Branched Programming Gives Life to Outmoded Teaching Machines
Although Ombudsman Educational Services' learning centers are frequently referred to as electronic one-room schoolhouses, they use little of the equipment and programs commonly found in most public-school computer labs.
The schools have an ample supply of Apple II computers, but often this is so only because the teaching machines they had been using became outmoded and were taken off the market.
Most of the equipment and programs used, such as a machine that projects text at a timed rate as a way of improving students' reading comprehension, have been available for more than a decade.
Software for most of the centers' courses has been developed in-house or adapted from a library of courses written for the AutoTutor, a teaching machine marketed during the 1960's and '70's by the Sargent-Welch Scientific Company.
These programs contain the unique feature called "branched programming,'' which is rarely available in modern educational software and which Ombudsman officials believe is "essential'' if computers are to be used successfully as teaching machines.
Most educational software employs "linear programming,'' which requires every student to follow the same route through the material being studied.
"Linear programs assume that, if a concept is sufficiently broken down, it will be taught successfully,'' said Norman Crowder, who developed both the conceptual and technical framework for branch programming in the 1950's. "Exercises in a linear program are simply there for practice.''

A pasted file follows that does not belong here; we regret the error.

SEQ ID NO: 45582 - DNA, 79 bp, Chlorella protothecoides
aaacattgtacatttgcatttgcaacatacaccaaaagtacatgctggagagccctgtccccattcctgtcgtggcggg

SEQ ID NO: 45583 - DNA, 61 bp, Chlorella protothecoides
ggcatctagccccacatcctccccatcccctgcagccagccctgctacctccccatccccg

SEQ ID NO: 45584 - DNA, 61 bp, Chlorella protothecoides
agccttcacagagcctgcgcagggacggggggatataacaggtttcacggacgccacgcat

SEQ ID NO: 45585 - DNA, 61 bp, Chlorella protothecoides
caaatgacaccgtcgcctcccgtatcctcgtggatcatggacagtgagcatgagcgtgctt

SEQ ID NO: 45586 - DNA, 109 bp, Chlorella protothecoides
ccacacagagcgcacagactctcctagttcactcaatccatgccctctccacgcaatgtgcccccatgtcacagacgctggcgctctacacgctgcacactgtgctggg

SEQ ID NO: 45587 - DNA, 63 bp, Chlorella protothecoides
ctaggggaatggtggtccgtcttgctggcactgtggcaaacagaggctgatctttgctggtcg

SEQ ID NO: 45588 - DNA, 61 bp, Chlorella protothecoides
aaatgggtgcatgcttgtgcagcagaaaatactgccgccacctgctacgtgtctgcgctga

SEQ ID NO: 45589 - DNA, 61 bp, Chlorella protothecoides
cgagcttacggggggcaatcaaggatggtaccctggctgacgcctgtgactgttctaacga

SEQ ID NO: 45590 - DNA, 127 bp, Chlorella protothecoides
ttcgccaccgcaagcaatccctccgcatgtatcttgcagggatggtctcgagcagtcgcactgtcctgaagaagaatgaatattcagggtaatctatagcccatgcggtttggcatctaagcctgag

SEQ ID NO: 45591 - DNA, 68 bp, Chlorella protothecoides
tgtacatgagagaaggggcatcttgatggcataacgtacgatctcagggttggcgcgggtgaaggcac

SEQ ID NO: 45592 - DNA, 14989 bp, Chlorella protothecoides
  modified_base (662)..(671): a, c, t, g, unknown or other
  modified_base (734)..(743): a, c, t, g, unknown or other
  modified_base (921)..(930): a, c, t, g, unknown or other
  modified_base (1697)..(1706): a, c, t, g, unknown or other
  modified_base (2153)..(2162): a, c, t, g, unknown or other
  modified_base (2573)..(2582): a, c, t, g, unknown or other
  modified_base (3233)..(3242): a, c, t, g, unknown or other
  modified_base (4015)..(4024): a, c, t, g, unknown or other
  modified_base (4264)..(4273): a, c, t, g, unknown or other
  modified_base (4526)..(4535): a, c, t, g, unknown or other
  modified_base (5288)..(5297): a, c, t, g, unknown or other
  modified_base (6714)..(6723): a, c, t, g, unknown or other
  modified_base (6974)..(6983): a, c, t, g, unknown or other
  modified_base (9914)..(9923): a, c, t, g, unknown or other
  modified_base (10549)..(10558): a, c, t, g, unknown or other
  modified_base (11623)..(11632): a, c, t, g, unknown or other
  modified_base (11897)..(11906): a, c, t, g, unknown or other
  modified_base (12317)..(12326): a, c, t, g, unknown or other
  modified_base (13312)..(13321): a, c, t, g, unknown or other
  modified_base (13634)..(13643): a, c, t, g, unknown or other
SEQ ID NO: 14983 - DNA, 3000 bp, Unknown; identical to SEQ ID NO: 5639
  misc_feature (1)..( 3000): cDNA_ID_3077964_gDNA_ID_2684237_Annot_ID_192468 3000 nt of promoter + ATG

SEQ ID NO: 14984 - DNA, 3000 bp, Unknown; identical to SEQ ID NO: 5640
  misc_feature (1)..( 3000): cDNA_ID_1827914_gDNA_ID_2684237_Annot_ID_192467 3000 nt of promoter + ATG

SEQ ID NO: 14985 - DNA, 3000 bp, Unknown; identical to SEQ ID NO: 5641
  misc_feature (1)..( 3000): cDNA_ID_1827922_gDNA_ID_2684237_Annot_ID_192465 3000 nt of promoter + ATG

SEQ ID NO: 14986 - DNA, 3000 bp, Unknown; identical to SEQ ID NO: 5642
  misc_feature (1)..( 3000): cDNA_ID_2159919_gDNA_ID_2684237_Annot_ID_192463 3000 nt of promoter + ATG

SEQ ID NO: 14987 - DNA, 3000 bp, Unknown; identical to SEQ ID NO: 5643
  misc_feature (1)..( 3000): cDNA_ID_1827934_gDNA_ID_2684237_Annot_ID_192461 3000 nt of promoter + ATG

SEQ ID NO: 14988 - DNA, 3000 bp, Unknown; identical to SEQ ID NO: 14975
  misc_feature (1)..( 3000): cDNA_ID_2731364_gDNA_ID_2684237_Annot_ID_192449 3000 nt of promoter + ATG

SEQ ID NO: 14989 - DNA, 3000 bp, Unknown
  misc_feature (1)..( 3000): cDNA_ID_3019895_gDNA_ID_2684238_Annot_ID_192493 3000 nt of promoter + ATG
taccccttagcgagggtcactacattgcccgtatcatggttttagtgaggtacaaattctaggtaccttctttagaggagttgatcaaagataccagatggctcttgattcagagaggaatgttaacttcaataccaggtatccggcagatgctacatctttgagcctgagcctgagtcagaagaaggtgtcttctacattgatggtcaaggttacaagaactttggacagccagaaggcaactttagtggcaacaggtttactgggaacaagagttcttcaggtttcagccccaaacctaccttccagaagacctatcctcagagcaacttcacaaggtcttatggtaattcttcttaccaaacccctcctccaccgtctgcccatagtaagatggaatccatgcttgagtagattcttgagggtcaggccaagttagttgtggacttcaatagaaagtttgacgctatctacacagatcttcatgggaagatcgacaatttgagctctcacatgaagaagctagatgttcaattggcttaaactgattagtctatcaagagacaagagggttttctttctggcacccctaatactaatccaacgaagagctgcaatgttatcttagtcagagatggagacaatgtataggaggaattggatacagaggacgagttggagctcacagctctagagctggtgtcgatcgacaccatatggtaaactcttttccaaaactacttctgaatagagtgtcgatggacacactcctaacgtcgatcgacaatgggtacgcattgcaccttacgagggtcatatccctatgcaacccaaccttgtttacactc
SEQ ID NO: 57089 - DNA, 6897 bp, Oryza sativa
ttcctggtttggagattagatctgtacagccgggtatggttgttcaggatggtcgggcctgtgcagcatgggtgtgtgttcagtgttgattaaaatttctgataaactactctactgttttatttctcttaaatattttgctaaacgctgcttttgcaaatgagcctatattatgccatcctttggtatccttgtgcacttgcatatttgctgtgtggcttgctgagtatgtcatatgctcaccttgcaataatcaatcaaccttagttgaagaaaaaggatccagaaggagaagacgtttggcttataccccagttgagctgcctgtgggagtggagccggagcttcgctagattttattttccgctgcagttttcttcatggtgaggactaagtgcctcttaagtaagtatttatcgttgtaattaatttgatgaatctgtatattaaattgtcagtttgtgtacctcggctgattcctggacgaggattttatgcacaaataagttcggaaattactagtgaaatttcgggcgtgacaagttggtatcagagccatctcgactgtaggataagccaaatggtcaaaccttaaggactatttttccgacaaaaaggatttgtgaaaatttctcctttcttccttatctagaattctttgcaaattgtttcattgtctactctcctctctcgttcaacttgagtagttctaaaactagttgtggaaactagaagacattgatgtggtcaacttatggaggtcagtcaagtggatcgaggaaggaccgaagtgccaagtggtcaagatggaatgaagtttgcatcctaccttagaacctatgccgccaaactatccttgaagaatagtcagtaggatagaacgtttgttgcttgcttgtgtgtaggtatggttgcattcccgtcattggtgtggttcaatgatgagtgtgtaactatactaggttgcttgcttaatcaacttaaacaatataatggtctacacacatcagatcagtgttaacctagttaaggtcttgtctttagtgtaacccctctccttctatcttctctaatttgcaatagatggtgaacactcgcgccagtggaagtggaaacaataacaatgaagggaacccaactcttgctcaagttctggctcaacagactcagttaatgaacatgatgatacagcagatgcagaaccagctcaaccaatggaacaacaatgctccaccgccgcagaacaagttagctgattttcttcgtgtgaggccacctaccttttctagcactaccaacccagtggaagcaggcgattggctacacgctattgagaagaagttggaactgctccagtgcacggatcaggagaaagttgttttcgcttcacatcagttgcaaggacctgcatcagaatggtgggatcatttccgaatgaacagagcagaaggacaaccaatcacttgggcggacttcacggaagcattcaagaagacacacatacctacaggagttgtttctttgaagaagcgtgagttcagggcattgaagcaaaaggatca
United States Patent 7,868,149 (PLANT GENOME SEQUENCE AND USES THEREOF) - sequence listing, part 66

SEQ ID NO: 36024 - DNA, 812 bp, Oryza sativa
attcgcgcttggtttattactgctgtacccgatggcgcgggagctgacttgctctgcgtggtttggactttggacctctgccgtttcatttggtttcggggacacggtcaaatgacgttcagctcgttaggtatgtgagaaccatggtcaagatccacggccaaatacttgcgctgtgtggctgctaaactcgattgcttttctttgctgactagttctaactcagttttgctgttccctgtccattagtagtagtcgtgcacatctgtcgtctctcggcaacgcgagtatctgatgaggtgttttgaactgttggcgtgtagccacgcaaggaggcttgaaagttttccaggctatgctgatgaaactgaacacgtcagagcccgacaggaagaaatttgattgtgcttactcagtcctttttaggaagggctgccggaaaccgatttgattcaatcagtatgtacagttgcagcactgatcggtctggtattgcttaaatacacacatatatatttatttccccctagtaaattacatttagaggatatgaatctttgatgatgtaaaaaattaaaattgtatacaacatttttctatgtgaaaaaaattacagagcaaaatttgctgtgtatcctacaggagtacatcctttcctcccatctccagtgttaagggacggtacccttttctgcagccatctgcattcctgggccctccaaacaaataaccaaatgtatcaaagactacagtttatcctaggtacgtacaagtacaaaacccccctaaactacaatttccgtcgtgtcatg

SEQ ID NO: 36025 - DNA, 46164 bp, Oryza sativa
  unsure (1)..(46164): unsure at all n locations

In a branching program, he explained, each student's answer is diagnosed and an incorrect answer will prompt the machine to present material to the student that explains his or her error.
"If a subject or a concept is worth teaching, it is worthwhile to test to see whether it was taught successfully,'' said Mr. Crowder, who currently heads the electronics department at Illinois Technical College in Chicago.
"If it was not taught successfully,'' he said, "it is worthwhile to take remedial action, and that, in a nutshell, is what branching programming is all about.''
Ombudsman officials say they frequently evaluate newly developed software, but that it rarely meets their requirement that concepts be taught without extensive intervention from a teacher.
"Nothing provides the same scope and sequence as the branched programs,'' James Boyle, president of Ombudsman, said. "With these programs, the computers can provide the instant evaluation necessary for truly individualized instruction.'' WS